For eqs. (5) and (10) we thus haveZ = 6.0 msui = 20.0 ms".

    The resulting waiting time (eq. [5]) and sojourn time (eq, [10]) fortask 2 is shown in Fig. 7, where it is compared with the exact resultsobtained by the methods described in Ref. 7. Even for this simpleexample, the exact equilibrium solution is quite complex, being quasi-periodic in nature. Our simple method is seen to provide reasonableapproximations to the waiting and sojourn time.

    Example 2: Here we consider the more complex schedule shown inFig. 8 with the parameters indicated. We look at the sojourn-timedistribution for task 7. The work-load aggregation discussed abovethus leads to K = 2, T,j = 40 ms. Task 1 work is characterized by the








    EXACT WAITING _..... ....._,.......,


    -;:: 0.1/I






    Fig. 7-Waiting and sojourn times for Example 1.

    0.001 L-_l..-_L..-_l..-_L..-_L..-_L..-_.L-_.L-_.L-_J..Jo

    ~ 1 2 3 4TASK1 1 1 1 1

    2 1 1 1 1

    3 1 0 1 0

    4 0 1 0 1

    5 1 0 0 0

    6 0 0 1 0

    7 0 1 0 1

    F 1 1 1 1

    A; b;0.050 2.0

    0.050 2.0

    0.075 2.0

    0.050 3.0

    0.050 3.0

    0.063 2.0

    0.050 3.0



    Fig. 8-Schedule for Example 2.

    mean and variance of the task i (i = 1, .,. , 6) work falling in each oftwo slots (of length 20 ms.) Figure 9 shows the resulting approximationfor the sojourn-time distribution again compared with the exact resultsobtained from the methods of Ref. 7.


  • 1.0cr-..------------------.,




    Fig. 9-Sojourn time for Example 2.



    >- 0.01..Jw0c;:


    0.0001a 2


    Fig. 10-Receiver attachment delay for Example 3.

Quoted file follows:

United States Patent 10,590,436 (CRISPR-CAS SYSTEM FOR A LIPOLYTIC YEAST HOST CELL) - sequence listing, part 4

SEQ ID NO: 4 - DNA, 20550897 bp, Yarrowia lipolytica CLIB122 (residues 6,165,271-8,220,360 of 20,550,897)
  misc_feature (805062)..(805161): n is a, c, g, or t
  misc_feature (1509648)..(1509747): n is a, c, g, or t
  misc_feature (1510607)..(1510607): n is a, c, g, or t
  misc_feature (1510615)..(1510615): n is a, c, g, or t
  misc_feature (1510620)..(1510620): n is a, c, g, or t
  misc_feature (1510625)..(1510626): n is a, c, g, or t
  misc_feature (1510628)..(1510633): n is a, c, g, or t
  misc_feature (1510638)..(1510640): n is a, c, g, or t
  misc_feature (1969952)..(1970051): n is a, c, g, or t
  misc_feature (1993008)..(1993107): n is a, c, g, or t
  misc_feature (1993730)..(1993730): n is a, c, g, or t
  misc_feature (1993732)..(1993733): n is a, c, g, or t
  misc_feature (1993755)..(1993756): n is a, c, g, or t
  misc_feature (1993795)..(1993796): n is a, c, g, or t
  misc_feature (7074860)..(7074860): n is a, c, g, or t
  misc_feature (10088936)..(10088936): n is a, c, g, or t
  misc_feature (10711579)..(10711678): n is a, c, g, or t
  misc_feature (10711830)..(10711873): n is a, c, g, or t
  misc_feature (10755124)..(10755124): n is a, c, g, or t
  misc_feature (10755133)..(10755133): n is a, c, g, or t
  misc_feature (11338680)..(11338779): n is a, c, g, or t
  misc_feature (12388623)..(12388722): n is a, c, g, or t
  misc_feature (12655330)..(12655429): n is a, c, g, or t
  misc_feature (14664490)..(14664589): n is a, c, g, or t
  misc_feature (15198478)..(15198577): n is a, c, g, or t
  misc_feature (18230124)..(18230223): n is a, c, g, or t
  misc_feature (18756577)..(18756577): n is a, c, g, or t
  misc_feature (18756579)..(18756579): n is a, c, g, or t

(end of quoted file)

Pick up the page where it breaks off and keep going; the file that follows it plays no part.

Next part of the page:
Example 3: As noted in Section II, one of the LP tasks for the PBXdiscussed is the attachment of a digit receiver for a new line origina-tion. Figure 10 shows the delays in receiver attachment as computedfrom our approximation method compared with the results of a de-tailed simulation model. This is a call-by-call simulation that includesmost of the work-load dependencies associated with the actual system.We again see quite reasonable agreement.

    Example 4: In the SP noted earlier, line scanning is a fill task.Figure 11 shows the line-scan delays predicted by our approximationas compared with data collected at a field site. We see that theapproximation results fall well within the observed band of field data.


  • 1.0


    ">- 0.01-Jw0




    ....., , ...." ...." ....APPROXIMATION-)..;;..... ............

    .... ,.... "" "'> ~ ....


  • 8. B. T. Doshi, "Analysis of Clocked Schedules-High-Priority Tasks," AT&T Tech-nical Journal, this issue.

    9. A. A. Fredericks, "A Class of Approximations for the Waiting Time Distribution ina GIGII Queueing System," B.S.T.J., 61, No.3 (March 1982), pp. 295-325.

    AUTHORSDarlene F. DeMaio, B.A. (Mathematics), 1976, Lycoming College; M.S.(Industrial and Applied Mathematics), 1981, Polytechnic Institute of NewYork; AT&T Bell Laboratories, 1976-. Ms. DeMaio has been involved instudying the performance of computer operating systems using both analyticand simulation models. Her current interest is in the development of userfriendly performance analysis software.

    Brian L. Farrell, B.S. (Mathematics, Computer Science), 1978, St. Peter'sCollege; M.S. (Operations Research), 1982, Columbia University; AT&T BellLaboratories, 1978-. Mr. Farrell has worked on projects involving the con-struction of simulation models for real-time computer systems. He has alsoworked on a software package for the analysis of clocked schedules and morerecently has been involved in performance analysis and capacity estimationfor operations systems.

    Albert A. Fredericks, B.S. (Mathematics), 1962, Fairleigh Dickinson Uni-versity; M.S., Ph.D. (Mathematics), 1965 and 1970, respectively, CourantInstitute, New York University; AT&T Bell Laboratories, 1961-. Mr. Fred-ericks is Head of the Performance Analysis Department. His responsibilitiesinclude the development of methods for analyzing the performance of com-puter/communications systems and manufacturing systems.